Right teaching is so necessary for good development of our young and old. Some might say you can't teach "an old dog new tricks", that once the child is set in its ways it's too late. In some cases maybe so, but the power of God's word can undo the tricks in the oldest and most set in their ways, when we allow God access into our stony hearts, he breaks us down, and reforms us as his children.
Peter's teaching was harsh. He had said all the right words to Jesus when asked, "Who do you say that I am?" I imagine Peter must have been pretty chuffed he got the answer right, proclaiming Jesus as the Christ! In his eyes Peter was now elevated to favour before his teacher. He had the stuff, he was good! If Jesus my Lord and teacher is the Christ, then I must be up there too!
Peter gets his answer and it's not as he would have expected. This old dog was being taught a new trick. However, this teaching was completed at the cross, the cross where Jesus taught his disciples he must endure death and rejection, the cross of which Peter would be so ashamed that he would deny his Lord. Completed after Jesus' resurrection from the cross, death and the grave where Jesus raised Peter from denial, reinstating him and filling him and the other Apostles with his power through the Holy Spirit.
Just as Isaiah had declared all those years before, Peter had been given the tongue of those who are taught. Jesus had taken him, broken him, and healed him. And in the wake of the cross we see a very different man deny himself and take up his cross and follow Jesus. What did this cross have installed for Peter? Pentecost, prison, a second Pentecost with Cornelius and the Gentiles, and a life that led to his martyrdom attested to by Origin, a theologian of the early Church (184 – 254AD), saying, "Peter was crucified at Rome with his head downwards, as he himself had desired to suffer."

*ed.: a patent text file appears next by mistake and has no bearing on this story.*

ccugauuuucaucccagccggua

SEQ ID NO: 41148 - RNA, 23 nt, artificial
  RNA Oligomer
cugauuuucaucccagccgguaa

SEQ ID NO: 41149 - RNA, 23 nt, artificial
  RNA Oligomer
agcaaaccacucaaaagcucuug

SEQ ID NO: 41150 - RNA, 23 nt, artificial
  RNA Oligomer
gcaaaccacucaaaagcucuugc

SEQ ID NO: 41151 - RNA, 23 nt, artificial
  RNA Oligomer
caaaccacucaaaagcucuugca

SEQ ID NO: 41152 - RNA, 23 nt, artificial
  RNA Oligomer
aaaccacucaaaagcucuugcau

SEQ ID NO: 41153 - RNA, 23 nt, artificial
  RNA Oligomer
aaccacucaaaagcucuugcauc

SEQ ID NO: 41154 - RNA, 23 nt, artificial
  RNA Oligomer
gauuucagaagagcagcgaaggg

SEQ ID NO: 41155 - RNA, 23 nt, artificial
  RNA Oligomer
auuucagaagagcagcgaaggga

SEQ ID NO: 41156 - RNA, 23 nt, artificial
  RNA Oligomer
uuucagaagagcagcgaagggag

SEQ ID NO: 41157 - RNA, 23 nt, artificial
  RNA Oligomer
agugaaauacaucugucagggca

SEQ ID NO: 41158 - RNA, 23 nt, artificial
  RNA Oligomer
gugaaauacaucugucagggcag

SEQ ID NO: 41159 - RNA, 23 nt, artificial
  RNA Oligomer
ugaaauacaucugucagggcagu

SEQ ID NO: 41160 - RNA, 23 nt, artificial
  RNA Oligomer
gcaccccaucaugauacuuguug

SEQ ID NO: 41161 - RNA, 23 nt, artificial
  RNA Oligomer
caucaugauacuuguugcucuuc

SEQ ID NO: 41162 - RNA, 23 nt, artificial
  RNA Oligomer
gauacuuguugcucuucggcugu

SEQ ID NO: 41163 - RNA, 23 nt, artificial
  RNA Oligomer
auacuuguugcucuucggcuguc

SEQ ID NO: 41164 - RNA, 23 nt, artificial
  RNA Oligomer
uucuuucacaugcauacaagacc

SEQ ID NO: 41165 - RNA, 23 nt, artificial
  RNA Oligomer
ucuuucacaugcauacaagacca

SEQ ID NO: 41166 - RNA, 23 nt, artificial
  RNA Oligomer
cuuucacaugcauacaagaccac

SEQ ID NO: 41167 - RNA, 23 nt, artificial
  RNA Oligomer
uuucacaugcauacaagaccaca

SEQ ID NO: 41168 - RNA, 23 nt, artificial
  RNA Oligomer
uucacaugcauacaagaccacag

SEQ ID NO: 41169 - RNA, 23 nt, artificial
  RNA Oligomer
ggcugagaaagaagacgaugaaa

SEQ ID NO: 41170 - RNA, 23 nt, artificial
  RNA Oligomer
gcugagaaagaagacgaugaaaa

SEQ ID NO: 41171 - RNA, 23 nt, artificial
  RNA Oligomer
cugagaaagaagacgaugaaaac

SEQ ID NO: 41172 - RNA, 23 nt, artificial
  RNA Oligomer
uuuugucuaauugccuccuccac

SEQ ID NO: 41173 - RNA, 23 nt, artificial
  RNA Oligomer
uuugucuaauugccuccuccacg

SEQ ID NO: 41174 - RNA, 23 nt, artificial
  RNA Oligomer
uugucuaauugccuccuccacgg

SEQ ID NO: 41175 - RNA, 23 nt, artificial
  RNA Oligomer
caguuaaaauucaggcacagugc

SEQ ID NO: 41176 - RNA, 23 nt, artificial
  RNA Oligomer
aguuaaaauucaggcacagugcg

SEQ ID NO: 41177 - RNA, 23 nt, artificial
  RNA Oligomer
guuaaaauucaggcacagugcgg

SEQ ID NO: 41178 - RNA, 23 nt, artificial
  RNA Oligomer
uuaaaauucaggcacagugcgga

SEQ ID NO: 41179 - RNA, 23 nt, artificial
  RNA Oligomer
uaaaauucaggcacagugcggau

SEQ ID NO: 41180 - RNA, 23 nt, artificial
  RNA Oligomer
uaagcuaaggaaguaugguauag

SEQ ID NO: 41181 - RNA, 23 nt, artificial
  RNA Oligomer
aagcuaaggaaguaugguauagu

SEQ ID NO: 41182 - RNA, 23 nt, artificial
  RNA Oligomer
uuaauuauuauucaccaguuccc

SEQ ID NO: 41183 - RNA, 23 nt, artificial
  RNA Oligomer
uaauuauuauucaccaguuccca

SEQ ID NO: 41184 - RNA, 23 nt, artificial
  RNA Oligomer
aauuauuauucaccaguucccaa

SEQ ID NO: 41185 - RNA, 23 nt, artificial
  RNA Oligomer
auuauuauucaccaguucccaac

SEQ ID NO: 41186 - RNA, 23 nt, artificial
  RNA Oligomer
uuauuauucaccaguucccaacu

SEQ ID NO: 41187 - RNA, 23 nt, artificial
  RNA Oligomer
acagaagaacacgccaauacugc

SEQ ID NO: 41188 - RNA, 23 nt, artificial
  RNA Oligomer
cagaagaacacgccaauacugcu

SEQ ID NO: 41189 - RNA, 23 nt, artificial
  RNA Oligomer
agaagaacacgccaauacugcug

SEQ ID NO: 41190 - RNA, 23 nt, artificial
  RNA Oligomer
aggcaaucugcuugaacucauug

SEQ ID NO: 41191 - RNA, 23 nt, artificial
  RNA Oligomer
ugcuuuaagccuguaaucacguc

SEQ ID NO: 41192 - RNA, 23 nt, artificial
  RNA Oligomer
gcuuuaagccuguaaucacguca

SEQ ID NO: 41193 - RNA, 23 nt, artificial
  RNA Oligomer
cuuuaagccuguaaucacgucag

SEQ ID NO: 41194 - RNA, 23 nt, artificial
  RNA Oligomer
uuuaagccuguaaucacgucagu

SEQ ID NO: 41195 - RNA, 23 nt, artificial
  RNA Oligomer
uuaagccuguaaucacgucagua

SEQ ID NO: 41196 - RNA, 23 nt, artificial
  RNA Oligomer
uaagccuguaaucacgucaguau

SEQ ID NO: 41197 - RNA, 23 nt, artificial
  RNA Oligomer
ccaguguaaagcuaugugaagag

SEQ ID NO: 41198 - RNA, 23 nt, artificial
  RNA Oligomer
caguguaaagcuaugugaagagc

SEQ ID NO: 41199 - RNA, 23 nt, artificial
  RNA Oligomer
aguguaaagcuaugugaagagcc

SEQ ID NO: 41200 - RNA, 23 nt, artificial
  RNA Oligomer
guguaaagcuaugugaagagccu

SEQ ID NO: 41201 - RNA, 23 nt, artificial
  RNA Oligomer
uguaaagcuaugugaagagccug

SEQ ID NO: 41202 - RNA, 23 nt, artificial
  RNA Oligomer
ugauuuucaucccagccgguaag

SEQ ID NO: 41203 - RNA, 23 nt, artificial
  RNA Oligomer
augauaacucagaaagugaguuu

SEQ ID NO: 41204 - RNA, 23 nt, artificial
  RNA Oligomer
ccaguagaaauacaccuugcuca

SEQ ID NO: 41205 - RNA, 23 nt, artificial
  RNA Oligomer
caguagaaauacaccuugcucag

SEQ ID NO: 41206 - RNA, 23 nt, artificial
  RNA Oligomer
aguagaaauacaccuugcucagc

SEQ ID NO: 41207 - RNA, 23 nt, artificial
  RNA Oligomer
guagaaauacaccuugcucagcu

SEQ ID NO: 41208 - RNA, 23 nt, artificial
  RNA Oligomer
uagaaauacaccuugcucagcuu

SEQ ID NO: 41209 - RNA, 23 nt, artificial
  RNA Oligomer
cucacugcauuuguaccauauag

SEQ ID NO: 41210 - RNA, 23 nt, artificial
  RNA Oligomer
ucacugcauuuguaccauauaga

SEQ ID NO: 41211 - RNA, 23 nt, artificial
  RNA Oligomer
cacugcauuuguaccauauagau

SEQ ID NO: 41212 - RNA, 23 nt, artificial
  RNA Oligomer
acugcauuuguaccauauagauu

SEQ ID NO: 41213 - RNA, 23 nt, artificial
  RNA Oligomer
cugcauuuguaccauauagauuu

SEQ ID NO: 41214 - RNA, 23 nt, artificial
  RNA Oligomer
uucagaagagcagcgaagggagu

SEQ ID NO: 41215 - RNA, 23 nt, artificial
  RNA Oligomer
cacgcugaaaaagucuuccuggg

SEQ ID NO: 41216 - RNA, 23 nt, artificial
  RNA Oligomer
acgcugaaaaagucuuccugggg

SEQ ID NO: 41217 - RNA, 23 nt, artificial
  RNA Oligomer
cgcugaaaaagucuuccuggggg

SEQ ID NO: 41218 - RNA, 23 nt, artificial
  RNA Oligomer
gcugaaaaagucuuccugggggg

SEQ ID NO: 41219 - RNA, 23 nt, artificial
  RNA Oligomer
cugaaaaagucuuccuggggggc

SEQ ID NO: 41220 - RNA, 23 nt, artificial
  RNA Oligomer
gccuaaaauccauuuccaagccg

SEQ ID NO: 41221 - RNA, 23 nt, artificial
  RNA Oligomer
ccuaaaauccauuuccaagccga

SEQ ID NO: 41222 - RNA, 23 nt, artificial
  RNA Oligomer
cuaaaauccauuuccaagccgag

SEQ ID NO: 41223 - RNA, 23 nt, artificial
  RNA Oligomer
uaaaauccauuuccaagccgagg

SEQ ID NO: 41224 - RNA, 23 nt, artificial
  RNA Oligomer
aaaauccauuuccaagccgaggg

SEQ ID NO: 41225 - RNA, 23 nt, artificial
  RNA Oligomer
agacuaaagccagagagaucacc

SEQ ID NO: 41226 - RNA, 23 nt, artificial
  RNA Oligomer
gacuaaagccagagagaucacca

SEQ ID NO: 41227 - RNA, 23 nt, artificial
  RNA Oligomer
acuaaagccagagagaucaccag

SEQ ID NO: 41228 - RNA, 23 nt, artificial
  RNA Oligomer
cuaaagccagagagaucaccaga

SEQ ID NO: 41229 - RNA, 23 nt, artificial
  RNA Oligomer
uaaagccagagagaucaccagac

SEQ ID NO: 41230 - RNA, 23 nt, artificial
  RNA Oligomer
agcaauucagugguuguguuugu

This is why an upside down cross is generally accepted as a symbol of Peter, who would not have considered himself worthy enough to die the same way as Jesus Christ. But as unworthy as Peter was and thought himself to be, he was worthy of something much better. And that was eternal life with our Lord.
You might think you are not worthy to teach, but God can and does open the mouths and move the feet of those who listen to him. We now are called to bear our cross. And what is this cross we must bear? Behind all the struggles and suffering we face in this world everyone carries their cross of death, and we who believe, the cross to teach in all its various ways.
Now there are plenty who live in denial of this cross of death, even though they hopelessly walk towards it, lonely, overburden and overwhelmed by its cross. Then again there are others who carry their cross and in doing so look to the Lord to walk with them hand and hand to death and through it into eternal blessing.
I pray you live in denial of yourself and let God teach you "an old dog a new trick", this is the trick of repentance, confession of sin, and as Peter so harshly learnt, to put Satan behind. You can teach others in your actions of repentance and fellowship too. The greatest trick of the cross and bearing our cross is letting Christ beat the devil in us and in our relationships, making peace and reconciling us brothers and sisters in Jesus Christ, as the Father's little children.
Stand hand in hand together with our Lord Jesus Christ and confess these words of Isaiah…
But the Lord God helps me; therefore I have not been disgraced; therefore I have set my face like a flint, and I know that I shall not be put to shame. He who vindicates me is near. Who will contend with me? Let us stand up together. Who is my adversary? Let him come near to me. Behold, the Lord God helps me; who will declare me guilty? (Isaiah 50:7–9a ESV) Amen.